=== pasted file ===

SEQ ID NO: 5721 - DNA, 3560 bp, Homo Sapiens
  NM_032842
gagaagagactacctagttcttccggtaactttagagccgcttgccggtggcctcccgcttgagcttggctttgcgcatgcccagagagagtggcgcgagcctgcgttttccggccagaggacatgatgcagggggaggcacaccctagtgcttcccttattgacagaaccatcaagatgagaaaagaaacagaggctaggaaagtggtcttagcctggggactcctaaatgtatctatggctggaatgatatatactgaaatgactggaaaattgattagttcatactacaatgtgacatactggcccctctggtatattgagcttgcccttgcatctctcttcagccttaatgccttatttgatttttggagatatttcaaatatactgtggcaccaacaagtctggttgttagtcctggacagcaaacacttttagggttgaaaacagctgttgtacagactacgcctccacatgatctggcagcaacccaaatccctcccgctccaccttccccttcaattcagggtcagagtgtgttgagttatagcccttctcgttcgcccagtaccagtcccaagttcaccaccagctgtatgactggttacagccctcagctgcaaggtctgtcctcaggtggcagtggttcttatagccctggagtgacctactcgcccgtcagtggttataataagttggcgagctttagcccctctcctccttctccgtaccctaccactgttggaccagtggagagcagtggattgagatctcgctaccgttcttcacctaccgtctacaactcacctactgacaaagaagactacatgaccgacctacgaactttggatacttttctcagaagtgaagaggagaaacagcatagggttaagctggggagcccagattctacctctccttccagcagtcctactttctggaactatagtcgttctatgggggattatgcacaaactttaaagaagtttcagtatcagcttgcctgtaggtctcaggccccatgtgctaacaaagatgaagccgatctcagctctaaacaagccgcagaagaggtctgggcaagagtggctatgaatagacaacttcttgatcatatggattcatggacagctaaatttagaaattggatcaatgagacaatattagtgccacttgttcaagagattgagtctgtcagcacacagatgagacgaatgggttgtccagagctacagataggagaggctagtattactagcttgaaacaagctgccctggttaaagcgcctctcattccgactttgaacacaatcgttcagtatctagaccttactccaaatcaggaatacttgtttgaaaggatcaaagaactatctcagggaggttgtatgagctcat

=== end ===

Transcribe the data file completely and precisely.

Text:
SEQ ID NO: 5721 - DNA, 3560 bp, Homo Sapiens
  NM_032842
gagaagagactacctagttcttccggtaactttagagccgcttgccggtggcctcccgcttgagcttggctttgcgcatgcccagagagagtggcgcgagcctgcgttttccggccagaggacatgatgcagggggaggcacaccctagtgcttcccttattgacagaaccatcaagatgagaaaagaaacagaggctaggaaagtggtcttagcctggggactcctaaatgtatctatggctggaatgatatatactgaaatgactggaaaattgattagttcatactacaatgtgacatactggcccctctggtatattgagcttgcccttgcatctctcttcagccttaatgccttatttgatttttggagatatttcaaatatactgtggcaccaacaagtctggttgttagtcctggacagcaaacacttttagggttgaaaacagctgttgtacagactacgcctccacatgatctggcagcaacccaaatccctcccgctccaccttccccttcaattcagggtcagagtgtgttgagttatagcccttctcgttcgcccagtaccagtcccaagttcaccaccagctgtatgactggttacagccctcagctgcaaggtctgtcctcaggtggcagtggttcttatagccctggagtgacctactcgcccgtcagtggttataataagttggcgagctttagcccctctcctccttctccgtaccctaccactgttggaccagtggagagcagtggattgagatctcgctaccgttcttcacctaccgtctacaactcacctactgacaaagaagactacatgaccgacctacgaactttggatacttttctcagaagtgaagaggagaaacagcatagggttaagctggggagcccagattctacctctccttccagcagtcctactttctggaactatagtcgttctatgggggattatgcacaaactttaaagaagtttcagtatcagcttgcctgtaggtctcaggccccatgtgctaacaaagatgaagccgatctcagctctaaacaagccgcagaagaggtctgggcaagagtggctatgaatagacaacttcttgatcatatggattcatggacagctaaatttagaaattggatcaatgagacaatattagtgccacttgttcaagagattgagtctgtcagcacacagatgagacgaatgggttgtccagagctacagataggagaggctagtattactagcttgaaacaagctgccctggttaaagcgcctctcattccgactttgaacacaatcgttcagtatctagaccttactccaaatcaggaatacttgtttgaaaggatcaaagaactatctcagggaggttgtatgagctcat